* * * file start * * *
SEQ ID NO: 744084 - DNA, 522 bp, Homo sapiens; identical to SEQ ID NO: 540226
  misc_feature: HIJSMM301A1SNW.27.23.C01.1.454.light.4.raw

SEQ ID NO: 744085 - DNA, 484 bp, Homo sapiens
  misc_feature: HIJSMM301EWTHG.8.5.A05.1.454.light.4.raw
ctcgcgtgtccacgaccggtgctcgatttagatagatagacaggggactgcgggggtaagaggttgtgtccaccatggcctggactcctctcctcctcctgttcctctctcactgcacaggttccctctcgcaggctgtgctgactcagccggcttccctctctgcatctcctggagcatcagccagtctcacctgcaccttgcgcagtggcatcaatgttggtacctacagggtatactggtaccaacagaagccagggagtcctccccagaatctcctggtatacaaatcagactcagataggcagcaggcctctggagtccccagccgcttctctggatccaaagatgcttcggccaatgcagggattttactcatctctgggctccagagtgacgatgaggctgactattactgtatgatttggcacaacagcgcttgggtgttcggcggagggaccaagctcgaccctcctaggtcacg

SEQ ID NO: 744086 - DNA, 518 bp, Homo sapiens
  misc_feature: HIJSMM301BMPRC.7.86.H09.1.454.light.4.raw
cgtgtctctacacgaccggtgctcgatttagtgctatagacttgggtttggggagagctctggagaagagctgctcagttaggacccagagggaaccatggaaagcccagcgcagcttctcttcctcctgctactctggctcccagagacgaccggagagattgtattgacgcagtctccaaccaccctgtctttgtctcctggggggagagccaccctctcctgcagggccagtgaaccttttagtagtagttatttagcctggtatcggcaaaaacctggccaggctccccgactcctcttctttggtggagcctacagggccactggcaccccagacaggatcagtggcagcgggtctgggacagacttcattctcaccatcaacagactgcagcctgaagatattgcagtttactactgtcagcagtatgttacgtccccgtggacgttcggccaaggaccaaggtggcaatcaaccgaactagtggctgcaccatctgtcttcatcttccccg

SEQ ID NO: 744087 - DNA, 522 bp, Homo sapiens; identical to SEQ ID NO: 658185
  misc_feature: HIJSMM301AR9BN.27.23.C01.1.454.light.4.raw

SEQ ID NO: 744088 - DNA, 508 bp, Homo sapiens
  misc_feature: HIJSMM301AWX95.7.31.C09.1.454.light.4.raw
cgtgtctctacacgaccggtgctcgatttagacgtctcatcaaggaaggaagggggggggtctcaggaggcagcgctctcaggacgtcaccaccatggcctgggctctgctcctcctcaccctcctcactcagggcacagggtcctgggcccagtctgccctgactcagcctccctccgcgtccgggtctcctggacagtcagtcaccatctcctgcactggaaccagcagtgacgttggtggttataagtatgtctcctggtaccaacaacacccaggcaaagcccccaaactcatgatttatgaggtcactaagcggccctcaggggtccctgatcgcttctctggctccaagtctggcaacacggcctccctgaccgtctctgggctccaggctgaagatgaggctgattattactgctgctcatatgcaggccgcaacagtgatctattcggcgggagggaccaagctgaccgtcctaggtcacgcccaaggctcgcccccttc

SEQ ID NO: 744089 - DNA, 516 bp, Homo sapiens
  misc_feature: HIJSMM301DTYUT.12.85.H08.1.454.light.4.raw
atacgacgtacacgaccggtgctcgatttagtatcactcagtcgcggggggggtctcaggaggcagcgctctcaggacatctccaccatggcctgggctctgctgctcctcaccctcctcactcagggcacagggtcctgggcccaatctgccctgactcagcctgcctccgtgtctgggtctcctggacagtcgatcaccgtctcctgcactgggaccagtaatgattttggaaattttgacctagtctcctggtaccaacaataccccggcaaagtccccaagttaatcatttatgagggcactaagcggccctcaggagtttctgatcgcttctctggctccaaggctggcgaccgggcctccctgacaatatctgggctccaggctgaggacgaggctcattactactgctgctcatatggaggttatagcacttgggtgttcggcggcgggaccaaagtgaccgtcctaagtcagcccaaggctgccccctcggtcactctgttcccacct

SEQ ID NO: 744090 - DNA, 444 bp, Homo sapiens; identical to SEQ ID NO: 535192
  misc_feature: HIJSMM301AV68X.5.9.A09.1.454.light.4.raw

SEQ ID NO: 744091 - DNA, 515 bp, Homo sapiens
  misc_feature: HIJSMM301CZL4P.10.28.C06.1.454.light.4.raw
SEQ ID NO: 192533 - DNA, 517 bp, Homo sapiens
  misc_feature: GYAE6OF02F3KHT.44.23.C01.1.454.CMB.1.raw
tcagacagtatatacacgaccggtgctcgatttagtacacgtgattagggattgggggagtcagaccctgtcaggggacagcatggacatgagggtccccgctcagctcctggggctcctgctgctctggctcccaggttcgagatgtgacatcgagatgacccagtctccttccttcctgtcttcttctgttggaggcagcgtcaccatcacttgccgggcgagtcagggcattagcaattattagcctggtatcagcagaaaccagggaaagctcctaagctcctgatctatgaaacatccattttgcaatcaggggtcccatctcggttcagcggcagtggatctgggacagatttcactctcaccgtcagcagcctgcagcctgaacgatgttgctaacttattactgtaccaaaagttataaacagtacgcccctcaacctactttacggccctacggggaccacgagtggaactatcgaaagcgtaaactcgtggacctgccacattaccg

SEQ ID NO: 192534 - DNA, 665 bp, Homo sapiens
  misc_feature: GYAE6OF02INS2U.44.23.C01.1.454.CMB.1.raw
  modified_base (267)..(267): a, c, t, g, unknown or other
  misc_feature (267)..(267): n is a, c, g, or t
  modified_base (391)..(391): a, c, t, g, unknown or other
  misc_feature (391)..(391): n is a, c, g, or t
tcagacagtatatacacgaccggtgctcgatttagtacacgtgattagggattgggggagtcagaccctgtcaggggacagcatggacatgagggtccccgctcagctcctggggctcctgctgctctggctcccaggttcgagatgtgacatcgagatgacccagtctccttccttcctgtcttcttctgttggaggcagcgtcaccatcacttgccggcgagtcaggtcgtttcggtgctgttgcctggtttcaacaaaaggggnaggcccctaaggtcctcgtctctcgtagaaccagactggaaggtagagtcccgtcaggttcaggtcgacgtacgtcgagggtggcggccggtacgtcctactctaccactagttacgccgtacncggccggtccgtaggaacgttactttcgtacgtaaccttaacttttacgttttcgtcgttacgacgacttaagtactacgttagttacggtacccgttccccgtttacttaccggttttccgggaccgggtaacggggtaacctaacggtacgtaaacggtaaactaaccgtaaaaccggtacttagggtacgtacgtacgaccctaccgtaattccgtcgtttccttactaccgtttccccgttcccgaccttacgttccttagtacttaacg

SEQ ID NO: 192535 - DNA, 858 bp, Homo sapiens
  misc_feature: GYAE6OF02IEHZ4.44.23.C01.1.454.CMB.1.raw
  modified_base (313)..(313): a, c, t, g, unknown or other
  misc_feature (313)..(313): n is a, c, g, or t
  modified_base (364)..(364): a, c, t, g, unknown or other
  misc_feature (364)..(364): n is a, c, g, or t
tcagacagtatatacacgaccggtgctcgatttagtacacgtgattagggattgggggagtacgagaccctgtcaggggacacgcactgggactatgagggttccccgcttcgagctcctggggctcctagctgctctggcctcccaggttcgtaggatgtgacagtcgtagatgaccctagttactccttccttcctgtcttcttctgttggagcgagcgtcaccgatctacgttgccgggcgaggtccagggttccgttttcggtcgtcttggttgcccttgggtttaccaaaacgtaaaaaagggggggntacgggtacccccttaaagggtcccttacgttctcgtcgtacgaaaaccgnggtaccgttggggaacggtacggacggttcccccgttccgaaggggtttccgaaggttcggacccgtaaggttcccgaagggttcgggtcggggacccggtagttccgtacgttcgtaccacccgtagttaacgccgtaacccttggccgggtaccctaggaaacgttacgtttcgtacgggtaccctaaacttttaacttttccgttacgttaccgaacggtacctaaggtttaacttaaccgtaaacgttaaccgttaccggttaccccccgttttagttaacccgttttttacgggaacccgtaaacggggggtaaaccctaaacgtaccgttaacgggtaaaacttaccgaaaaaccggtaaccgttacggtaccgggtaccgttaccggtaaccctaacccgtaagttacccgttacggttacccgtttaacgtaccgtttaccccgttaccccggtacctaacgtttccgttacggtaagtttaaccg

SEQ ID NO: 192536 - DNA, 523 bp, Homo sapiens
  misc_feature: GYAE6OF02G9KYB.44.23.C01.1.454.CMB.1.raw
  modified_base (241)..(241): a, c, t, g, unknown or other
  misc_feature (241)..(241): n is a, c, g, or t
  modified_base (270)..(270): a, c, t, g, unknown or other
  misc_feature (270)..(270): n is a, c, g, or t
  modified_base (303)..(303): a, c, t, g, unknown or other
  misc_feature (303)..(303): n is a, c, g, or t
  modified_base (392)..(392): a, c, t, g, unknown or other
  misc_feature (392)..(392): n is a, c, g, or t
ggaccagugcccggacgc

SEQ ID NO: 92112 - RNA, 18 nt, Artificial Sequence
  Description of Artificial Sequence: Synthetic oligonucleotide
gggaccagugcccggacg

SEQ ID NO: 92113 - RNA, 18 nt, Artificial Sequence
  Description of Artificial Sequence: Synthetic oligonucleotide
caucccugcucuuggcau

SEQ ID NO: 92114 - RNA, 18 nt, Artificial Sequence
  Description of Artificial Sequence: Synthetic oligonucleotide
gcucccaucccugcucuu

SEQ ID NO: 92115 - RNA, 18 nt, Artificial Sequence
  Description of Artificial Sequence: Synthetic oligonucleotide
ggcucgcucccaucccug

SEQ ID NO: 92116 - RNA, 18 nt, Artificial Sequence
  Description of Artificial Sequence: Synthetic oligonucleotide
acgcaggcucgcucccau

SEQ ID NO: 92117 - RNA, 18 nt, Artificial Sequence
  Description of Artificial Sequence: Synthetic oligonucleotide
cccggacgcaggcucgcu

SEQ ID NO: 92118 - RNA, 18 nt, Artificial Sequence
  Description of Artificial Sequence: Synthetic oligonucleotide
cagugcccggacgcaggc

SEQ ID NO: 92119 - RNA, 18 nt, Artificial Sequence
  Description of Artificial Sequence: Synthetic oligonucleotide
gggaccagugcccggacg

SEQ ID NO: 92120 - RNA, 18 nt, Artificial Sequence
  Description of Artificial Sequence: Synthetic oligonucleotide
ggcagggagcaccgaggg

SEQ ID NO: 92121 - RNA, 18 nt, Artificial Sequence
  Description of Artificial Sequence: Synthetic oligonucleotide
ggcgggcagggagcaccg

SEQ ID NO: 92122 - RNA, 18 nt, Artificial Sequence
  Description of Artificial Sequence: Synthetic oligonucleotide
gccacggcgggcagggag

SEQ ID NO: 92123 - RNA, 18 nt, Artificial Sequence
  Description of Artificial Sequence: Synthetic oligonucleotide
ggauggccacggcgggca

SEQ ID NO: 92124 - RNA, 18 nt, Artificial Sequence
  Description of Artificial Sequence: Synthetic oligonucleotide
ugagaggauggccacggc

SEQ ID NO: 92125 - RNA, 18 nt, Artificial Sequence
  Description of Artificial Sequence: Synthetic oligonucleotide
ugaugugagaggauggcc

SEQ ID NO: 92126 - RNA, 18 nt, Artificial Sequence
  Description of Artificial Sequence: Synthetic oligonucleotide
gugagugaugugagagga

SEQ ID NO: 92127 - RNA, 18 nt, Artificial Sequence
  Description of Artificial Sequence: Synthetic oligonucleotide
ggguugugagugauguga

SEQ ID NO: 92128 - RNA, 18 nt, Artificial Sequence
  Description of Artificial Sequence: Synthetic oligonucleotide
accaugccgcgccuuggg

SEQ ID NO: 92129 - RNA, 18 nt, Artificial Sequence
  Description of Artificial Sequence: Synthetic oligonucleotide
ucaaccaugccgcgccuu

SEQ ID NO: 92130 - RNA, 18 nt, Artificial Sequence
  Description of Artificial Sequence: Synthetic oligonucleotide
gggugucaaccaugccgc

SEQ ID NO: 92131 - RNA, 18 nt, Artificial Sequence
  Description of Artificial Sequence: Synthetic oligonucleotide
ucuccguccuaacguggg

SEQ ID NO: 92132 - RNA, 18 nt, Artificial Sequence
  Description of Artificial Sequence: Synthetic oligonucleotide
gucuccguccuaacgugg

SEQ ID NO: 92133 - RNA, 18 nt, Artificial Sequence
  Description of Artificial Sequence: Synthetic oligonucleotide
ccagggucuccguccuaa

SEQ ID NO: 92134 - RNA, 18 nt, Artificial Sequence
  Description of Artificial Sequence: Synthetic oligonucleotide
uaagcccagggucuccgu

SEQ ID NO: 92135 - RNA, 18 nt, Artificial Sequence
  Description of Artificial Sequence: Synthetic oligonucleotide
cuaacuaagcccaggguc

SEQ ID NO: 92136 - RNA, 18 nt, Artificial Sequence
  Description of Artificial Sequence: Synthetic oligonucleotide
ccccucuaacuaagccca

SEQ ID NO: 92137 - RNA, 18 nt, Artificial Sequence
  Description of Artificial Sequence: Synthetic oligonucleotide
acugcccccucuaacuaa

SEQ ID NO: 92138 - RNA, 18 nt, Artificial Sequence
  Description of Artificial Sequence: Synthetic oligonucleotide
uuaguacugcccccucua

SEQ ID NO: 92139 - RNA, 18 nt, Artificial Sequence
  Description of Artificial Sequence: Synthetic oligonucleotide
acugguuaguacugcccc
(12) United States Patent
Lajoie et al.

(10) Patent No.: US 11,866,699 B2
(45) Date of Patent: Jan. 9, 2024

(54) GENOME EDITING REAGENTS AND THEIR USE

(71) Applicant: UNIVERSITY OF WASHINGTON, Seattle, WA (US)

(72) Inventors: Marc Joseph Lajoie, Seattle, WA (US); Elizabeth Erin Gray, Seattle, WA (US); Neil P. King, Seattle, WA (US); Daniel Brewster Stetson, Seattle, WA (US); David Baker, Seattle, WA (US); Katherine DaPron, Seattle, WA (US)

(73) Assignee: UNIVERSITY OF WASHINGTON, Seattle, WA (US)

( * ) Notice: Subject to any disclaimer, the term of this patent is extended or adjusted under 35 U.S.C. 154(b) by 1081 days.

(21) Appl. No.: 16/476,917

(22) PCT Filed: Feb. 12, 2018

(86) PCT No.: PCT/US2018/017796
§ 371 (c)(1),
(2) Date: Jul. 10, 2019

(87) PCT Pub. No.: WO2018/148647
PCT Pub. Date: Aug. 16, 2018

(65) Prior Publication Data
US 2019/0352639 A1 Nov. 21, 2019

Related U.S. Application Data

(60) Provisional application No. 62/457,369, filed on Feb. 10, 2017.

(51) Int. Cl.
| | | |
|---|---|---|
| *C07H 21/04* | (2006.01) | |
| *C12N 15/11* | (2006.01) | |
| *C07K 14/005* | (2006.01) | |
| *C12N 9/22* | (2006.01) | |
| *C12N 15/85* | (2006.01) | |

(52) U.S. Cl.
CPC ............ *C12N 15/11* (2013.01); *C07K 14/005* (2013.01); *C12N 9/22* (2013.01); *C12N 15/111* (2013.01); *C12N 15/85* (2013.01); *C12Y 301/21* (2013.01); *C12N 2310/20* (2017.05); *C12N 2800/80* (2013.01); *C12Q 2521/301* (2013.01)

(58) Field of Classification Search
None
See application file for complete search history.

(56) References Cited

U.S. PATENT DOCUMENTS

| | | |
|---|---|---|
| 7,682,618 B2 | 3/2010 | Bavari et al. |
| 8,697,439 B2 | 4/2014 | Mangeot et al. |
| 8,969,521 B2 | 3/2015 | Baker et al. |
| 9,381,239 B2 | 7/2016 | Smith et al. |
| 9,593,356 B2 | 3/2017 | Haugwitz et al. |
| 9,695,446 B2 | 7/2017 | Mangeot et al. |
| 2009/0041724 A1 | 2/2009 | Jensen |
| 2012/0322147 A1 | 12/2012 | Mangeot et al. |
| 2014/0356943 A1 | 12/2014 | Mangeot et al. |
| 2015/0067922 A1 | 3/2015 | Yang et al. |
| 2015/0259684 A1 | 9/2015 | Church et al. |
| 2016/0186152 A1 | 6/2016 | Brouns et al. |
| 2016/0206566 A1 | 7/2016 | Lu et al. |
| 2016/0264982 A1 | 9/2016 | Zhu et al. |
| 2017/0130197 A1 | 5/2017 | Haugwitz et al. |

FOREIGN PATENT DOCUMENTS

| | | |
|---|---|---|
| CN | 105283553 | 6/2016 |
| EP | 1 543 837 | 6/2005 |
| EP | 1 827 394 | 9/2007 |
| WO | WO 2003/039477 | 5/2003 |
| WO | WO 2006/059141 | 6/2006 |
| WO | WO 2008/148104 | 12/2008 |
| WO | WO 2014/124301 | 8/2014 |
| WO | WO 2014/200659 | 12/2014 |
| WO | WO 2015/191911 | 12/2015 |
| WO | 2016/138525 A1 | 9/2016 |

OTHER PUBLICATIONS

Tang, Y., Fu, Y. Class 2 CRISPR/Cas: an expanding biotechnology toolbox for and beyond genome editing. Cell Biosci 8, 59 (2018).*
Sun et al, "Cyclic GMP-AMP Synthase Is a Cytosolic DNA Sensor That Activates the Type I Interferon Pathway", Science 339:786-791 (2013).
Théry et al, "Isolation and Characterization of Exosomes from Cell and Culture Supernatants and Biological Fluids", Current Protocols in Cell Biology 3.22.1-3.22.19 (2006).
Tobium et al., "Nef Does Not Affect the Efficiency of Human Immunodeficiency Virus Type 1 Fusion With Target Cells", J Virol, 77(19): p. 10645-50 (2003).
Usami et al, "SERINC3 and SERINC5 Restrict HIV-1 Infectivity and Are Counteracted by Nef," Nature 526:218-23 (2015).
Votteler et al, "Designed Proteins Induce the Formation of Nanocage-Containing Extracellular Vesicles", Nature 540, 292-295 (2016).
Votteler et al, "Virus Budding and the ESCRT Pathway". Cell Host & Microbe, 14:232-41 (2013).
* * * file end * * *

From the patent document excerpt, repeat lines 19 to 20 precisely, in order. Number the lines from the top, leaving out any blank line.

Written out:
SEQ ID NO: 744091 - DNA, 515 bp, Homo sapiens
  misc_feature: HIJSMM301CZL4P.10.28.C06.1.454.light.4.raw